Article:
The team goes back, but they’re too late. Antwon passed the information through his lawyer to his people to reveal Angie’s burial (although it’s flat-out stupid that Antwon would think covering the camera would keep anyone from hearing that, I’ll give it a pass because as Vic recognizes, his people would have likely done this anyway) and the cops are already digging when they get back. (Painful and effective staging as one by one, the other Team members drive off and leave Shane alone.)
Shane has now been brought to a moment of recognition, the classical moment of self-revelation, where you discover that you have authored your own misfortune. He’s in the same place Vic was two seasons ago in “Scar Tissue.” Shane’s plan is simple–he’ll kill Antwon, since if he’s going away for murder, why not have it be him? The Shane/Antwon/gun scene in interrogation is even more tense than Rawling/Antwon/Vic, with Shane’s taunts getting more and more vicious (and the shots of the gun emphasizing what might happen). Goggins does things with his accent that are amazing; one thing that always happens is it gets more Southern whenever he’s in the presence of a black man, and he uses that.
“Back in the Hole” keeps the same idea as “Scar Tissue” but reverses the characters, with Vic bailing out Shane, and Vic does something absolutely unprecedented: “you don’t get out of this by getting dirtier.” They’re going to confess to Rawling, all of it, and use the tape of Antwon ordering the hit on Vic to bring down Antwon. It’s a revelation of Vic’s character on multiple levels: it’s partly based on the genuine trust he’s established with Rawling, and the way he wants to work with her, something he never did or could do with Aceveda; it’s also based on calculation, that Rawling wants Antwon badly enough that she’ll go for it; it’s his way of bringing the Strike Team back together (“so we survive it together or not at all”); and it’s Vic, once again, coming up with a scheme no one else could.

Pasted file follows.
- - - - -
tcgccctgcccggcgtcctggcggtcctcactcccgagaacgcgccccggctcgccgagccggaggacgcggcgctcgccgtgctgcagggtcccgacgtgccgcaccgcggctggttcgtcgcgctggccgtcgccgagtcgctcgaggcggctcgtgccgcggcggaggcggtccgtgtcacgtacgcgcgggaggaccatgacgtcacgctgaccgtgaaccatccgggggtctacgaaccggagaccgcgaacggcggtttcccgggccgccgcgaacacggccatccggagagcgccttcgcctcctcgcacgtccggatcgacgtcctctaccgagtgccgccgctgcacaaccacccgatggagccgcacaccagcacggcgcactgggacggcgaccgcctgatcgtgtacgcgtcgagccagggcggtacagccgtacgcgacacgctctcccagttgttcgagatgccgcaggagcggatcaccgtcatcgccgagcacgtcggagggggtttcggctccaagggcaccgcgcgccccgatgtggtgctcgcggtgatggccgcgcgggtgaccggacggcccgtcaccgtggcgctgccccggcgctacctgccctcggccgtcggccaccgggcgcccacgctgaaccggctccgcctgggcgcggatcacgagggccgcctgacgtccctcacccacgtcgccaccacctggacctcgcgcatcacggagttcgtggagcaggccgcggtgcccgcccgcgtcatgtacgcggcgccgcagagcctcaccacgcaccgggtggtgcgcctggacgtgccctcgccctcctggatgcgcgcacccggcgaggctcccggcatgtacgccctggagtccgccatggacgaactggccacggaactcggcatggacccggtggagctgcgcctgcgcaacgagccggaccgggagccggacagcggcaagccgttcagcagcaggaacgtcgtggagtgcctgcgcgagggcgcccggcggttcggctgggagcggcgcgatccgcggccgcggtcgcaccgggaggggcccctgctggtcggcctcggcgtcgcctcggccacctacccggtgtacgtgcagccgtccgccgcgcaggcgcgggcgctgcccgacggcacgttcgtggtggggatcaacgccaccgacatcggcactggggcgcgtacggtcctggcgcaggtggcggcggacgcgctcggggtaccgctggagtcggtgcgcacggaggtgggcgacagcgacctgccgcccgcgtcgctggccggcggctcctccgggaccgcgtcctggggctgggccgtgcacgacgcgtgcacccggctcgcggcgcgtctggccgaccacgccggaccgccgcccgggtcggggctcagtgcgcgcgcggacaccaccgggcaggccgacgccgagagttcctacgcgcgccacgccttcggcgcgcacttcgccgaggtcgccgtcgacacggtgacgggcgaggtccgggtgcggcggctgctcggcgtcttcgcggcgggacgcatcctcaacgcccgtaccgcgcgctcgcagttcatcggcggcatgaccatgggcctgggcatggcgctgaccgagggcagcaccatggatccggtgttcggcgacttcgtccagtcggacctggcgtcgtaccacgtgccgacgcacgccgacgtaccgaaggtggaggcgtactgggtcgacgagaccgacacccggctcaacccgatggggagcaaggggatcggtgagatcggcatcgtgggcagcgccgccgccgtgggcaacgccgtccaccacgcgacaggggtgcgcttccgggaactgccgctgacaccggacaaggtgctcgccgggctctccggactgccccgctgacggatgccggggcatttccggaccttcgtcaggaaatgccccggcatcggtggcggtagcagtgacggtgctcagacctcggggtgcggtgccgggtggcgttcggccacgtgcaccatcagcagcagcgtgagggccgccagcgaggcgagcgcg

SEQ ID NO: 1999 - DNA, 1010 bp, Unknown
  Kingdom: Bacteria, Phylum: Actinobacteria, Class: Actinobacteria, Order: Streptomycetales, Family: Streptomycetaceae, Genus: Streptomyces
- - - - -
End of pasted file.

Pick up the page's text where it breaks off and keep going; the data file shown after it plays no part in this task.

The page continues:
While all this has been going on, Aceveda brings Sara to a motel room. He’s drinking, he’s been traumatized by seeing Carl and Scooby stabbed to death, and he crashes down even farther with her, pulling his gun on her and playing the role of Juan–it’s a great bit of dialogue or acting that he yells “you ever suck a dick?” and then pauses before “like a cell bitch?” as if some part of his brain reminded him to complete the line. Calling back to the end of “Mum,” he drops the gun and throws up–remember he couldn’t make himself throw up after being raped.